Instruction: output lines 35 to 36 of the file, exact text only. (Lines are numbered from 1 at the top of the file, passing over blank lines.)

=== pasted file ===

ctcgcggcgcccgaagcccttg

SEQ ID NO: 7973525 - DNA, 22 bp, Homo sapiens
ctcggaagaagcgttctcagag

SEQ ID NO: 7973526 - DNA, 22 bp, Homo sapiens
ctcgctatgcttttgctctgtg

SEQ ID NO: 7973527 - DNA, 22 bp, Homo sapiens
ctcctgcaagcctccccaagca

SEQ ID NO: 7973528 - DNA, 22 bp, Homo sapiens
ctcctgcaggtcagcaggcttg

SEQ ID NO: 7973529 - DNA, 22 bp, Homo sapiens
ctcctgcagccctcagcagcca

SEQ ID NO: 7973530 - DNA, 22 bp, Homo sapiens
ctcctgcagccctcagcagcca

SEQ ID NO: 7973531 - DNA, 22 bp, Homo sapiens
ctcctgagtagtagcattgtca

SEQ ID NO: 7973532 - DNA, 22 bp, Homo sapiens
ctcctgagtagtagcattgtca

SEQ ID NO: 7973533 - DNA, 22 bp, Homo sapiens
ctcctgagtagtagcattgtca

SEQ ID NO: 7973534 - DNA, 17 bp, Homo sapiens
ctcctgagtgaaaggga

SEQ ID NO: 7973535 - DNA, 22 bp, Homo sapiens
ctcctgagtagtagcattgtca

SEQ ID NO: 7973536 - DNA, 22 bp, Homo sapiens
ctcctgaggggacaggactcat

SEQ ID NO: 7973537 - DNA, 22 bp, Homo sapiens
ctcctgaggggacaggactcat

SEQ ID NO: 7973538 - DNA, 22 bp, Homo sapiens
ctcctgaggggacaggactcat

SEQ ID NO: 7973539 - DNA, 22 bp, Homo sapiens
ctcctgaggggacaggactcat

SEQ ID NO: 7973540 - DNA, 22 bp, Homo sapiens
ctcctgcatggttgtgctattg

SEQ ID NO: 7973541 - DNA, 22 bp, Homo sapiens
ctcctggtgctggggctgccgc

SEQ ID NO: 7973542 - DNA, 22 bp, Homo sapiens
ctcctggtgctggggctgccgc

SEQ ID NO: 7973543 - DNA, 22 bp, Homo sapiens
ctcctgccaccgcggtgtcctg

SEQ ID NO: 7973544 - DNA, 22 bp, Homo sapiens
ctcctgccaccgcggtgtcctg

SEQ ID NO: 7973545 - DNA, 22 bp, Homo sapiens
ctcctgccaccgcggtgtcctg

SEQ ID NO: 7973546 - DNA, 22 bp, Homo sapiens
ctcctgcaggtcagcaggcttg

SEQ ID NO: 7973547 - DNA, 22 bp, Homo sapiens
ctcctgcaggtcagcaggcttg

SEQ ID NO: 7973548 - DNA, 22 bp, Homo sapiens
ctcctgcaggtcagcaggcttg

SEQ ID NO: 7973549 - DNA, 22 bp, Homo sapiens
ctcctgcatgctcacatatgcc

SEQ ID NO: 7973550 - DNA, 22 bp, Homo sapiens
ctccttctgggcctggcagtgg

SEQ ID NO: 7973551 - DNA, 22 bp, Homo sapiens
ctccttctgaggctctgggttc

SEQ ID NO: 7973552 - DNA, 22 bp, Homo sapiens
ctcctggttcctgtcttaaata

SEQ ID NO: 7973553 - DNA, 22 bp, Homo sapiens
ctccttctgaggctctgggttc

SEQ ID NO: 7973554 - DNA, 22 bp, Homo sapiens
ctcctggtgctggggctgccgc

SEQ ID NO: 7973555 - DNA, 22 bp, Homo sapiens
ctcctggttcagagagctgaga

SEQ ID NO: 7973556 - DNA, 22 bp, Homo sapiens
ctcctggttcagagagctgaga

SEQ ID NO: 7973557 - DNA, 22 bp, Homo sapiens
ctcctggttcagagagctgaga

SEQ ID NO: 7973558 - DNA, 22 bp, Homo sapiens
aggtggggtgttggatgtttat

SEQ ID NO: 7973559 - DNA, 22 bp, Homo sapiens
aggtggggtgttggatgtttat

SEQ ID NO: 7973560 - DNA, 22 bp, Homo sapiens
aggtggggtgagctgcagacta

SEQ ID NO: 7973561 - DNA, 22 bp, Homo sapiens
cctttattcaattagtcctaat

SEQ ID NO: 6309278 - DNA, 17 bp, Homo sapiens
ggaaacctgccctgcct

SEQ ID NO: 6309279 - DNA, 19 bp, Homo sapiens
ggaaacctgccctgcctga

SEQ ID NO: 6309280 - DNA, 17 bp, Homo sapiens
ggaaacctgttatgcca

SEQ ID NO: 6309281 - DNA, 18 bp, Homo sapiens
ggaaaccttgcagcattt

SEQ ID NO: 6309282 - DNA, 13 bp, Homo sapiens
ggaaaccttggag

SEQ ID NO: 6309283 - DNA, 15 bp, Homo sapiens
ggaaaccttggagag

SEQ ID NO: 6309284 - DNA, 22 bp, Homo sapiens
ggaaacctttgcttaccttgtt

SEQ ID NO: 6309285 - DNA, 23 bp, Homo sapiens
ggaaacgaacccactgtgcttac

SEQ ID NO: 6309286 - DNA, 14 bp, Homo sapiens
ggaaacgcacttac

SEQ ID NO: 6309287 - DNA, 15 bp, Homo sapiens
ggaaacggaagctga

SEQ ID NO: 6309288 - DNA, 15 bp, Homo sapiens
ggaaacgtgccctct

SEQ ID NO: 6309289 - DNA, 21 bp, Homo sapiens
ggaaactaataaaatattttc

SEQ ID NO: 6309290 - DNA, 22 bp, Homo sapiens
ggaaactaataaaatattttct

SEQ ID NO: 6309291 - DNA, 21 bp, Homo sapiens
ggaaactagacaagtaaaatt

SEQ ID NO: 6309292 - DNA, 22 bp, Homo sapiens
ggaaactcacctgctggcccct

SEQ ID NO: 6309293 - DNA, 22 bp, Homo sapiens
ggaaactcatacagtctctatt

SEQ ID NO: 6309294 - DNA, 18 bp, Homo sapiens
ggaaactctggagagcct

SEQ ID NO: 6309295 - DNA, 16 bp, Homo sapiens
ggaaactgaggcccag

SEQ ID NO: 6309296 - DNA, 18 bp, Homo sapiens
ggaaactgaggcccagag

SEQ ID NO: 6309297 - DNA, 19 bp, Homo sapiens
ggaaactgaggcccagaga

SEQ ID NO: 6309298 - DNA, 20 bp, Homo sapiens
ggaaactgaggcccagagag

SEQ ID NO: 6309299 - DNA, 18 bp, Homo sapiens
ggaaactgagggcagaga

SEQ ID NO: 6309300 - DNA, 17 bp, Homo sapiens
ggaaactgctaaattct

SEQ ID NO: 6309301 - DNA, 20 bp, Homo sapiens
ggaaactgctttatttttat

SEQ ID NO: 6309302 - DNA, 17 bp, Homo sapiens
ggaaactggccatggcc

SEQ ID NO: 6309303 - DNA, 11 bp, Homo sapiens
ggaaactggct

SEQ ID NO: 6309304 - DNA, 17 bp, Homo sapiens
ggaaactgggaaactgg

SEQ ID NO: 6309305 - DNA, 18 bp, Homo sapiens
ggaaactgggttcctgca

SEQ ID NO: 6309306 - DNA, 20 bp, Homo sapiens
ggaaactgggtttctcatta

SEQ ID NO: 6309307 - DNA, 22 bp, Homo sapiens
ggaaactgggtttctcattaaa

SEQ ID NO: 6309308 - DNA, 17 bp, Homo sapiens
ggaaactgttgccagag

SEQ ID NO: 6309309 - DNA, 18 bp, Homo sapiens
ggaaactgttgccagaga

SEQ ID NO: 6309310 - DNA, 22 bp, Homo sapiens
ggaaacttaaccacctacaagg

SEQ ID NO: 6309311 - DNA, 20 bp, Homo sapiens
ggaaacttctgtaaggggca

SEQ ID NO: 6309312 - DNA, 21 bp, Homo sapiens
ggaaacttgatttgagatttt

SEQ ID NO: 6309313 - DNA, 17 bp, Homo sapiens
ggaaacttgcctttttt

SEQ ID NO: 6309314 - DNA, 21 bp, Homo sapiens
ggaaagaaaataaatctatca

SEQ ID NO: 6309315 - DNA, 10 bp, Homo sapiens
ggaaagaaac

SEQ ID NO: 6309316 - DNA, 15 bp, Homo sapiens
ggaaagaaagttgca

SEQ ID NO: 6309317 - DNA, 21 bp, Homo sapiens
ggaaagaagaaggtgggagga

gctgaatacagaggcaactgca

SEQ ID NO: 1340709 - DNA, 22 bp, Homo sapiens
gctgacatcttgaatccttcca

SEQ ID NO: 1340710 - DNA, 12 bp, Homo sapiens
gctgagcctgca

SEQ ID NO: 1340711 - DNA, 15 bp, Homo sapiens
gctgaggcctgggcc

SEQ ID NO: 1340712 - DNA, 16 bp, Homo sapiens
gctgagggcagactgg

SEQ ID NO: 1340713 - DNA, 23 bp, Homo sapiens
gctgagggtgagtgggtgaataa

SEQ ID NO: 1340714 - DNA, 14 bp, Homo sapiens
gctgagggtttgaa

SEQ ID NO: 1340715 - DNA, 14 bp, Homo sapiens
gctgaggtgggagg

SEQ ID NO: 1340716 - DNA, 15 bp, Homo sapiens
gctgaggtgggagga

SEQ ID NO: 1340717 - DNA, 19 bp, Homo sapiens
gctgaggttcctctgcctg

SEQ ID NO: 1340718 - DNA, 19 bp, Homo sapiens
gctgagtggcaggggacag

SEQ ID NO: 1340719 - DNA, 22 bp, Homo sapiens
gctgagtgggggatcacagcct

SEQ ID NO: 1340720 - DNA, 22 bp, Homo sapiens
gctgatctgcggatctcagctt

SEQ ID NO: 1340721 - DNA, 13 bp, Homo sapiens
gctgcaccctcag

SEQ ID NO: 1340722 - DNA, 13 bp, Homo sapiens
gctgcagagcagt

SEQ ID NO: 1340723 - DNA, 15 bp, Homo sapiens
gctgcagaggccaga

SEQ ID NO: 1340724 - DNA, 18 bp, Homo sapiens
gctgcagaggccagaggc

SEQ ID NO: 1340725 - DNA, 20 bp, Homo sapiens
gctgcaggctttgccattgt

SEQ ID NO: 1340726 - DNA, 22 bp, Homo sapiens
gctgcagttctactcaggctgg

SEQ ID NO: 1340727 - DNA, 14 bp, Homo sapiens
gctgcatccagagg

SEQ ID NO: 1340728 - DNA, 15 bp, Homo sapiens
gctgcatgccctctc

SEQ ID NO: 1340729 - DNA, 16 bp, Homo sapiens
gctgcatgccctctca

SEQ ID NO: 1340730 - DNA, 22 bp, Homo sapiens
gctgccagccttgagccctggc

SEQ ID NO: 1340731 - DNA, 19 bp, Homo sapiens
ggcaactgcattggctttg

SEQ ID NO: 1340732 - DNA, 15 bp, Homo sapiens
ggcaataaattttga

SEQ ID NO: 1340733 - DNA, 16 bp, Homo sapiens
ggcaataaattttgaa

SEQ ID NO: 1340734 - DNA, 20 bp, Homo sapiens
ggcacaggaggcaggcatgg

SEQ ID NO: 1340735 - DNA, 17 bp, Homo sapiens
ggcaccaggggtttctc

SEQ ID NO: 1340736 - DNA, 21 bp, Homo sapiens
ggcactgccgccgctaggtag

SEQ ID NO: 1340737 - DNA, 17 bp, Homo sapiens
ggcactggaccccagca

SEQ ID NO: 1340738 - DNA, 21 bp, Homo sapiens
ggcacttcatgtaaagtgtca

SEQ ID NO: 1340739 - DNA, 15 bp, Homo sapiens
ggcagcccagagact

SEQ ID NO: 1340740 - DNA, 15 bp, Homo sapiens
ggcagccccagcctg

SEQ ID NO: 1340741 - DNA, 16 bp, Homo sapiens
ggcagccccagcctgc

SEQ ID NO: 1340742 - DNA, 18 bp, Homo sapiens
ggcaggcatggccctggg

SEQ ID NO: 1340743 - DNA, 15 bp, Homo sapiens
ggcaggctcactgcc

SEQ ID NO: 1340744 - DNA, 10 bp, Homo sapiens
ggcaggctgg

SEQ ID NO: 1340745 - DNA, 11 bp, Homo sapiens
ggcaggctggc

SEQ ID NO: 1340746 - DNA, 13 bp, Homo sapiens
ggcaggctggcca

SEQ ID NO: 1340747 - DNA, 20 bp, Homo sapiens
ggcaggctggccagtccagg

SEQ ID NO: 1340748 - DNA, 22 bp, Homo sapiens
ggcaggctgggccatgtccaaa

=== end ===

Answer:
ctcctggtgctggggctgccgc

SEQ ID NO: 7973542 - DNA, 22 bp, Homo sapiens